General Motors reminds us that its EV engineers continue with top-notch innovation 45 years after they helped develop the electric Lunar Rover.

<em>2017 Bolt EV alongside a view of the Apollo 17 Lunar Rover Vehicle at Sample 8135, taken during Extravehicular Activity EVA 3. (Image and Caption Credit: Chevrolet)</em>

2017 Bolt EV alongside a view of the Apollo 17 Lunar Rover Vehicle at Sample 8135, taken during Extravehicular Activity EVA 3. (Image and Caption Credit: Chevrolet)

Way back in 1971, the $38 million electric Lunar Rover (built in partnership with GM) allowed Apollo 15 astronauts the opportunity to explore the moon.

Little do many know that GM had its hands in the development, design, and testing of the first Lunar Rover. The fact that it was an EV is the icing on the cake. The automaker worked alongside partner companies to create a brand-new electric motor drive system, suspension, and mesh wire wheels, along with a special drive controller to work with lunar gloves. GM writes:

"The same innovative spirit that drove the company to engineer an electric vehicle for the moon lives on in the Bolt EV. Except today’s EV drivers don’t have to wear space suits."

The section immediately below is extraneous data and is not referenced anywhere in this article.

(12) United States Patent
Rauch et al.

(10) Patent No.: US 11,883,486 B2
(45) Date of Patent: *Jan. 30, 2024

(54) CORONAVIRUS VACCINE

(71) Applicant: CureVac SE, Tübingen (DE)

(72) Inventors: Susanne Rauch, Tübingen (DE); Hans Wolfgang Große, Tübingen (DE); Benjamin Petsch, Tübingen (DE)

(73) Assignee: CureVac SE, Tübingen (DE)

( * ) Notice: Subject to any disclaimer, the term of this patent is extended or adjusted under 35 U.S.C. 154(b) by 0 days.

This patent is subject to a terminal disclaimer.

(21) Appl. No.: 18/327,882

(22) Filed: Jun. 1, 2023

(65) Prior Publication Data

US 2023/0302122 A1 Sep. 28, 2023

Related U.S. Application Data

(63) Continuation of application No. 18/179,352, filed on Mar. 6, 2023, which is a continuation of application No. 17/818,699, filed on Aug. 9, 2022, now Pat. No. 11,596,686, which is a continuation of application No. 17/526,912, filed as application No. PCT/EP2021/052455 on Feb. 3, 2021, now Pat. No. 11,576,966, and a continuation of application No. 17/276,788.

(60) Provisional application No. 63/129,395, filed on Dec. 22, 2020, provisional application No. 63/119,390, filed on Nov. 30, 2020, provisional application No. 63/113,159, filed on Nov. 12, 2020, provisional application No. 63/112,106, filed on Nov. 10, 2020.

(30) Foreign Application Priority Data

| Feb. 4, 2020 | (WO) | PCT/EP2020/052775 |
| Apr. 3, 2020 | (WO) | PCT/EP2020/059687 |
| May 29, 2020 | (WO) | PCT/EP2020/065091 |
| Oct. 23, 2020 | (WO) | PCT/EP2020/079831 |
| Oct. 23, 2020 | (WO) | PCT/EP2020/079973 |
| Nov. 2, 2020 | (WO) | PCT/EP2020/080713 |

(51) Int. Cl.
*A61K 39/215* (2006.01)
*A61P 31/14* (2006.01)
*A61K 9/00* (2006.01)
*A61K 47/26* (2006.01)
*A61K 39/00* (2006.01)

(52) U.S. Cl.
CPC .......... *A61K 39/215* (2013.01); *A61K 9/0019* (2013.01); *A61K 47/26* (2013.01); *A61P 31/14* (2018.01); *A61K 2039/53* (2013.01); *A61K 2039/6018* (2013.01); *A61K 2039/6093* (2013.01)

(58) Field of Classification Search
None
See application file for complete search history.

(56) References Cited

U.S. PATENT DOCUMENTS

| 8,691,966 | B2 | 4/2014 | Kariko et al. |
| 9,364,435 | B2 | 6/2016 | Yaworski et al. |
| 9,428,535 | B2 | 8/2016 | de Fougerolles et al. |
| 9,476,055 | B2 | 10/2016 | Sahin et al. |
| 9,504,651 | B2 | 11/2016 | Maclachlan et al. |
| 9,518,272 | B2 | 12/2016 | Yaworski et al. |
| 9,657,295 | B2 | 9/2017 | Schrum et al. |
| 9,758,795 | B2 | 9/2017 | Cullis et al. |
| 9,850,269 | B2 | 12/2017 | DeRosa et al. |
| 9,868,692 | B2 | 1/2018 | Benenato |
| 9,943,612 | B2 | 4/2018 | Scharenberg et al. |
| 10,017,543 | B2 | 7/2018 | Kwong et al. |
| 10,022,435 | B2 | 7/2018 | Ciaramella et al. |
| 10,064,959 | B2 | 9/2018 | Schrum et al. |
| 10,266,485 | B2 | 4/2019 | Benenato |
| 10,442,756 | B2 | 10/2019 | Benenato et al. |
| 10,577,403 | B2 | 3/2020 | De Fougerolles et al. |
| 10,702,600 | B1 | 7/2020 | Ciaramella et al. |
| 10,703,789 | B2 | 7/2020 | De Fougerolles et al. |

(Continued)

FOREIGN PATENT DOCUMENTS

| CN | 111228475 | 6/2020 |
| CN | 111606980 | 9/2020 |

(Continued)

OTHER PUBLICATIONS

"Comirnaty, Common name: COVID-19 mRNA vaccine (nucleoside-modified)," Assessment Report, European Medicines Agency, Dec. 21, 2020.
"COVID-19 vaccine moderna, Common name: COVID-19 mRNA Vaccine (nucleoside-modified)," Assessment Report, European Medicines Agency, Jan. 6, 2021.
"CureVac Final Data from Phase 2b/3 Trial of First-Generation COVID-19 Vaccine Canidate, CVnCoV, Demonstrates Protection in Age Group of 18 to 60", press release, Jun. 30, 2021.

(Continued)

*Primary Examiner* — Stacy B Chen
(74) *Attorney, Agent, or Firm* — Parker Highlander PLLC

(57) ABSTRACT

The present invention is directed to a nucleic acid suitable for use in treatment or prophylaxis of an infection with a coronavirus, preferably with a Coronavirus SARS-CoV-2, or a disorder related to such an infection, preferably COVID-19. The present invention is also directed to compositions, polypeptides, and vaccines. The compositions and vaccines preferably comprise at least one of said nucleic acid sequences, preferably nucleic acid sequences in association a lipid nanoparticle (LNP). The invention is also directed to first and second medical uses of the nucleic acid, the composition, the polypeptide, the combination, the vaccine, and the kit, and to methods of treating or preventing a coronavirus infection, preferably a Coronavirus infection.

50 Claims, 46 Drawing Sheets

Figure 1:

The engineers, led by Ferenc Pavlics, had to work through the challenges of designing for space travel and assisting astronauts, which paved the way for the company's future EV pursuits. In a sense, the Chevrolet Bolt EV is the grandchild to the original electric Lunar Rover Vehicle. Pavlics, now retired, recounts the time:

<em>Side-by-side comparison of the 1971 Lunar Rover and 2017 Chevy Bolt EV. (Image and Caption Credit: Chevrolet)</em>

Side-by-side comparison of the 1971 Lunar Rover and 2017 Chevy Bolt EV. (Image and Caption Credit: Chevrolet)

“When our team began engineering for the Lunar Rover, there were so many unknowns, including varied terrain, extreme temperatures and the effect of reduced gravity. We pushed the boundaries of automotive technology and worked hand in hand with the astronauts on the vehicle’s design.”

He sees a clear connection between his team's early work on the moon-vehicle project, and the recent award-winning Chevrolet Bolt. Michael Lelli, chief engineer for the Bolt EV shared:

“The Bolt EV required a new architecture to upend the status quo on electric driving. We drew on our deep electrification expertise to provide Chevrolet customers the first long-range, affordable electric car.”

The Chevrolet Bolt's official details via General Motors:

Starting at an MSRP of $37,495 before federal tax incentives of up to $7,500 depending upon individual tax situation, the 2017 Bolt EV offers an EPA-estimated 238 miles of range on a single charge. Standard features include electronic precision shift, one-pedal driving, Regen on Demand™ steering wheel paddle, 10.2-inch-diagonal color touchscreen and an 8 year/100,000 mile battery and propulsion system limited warranty (whichever comes first, see dealer for details). The top-trim Premier model adds leather-appointed seats, front and rear heated seats, Surround Vision Camera, Rear Camera Mirror and more.

Source: Chevrolet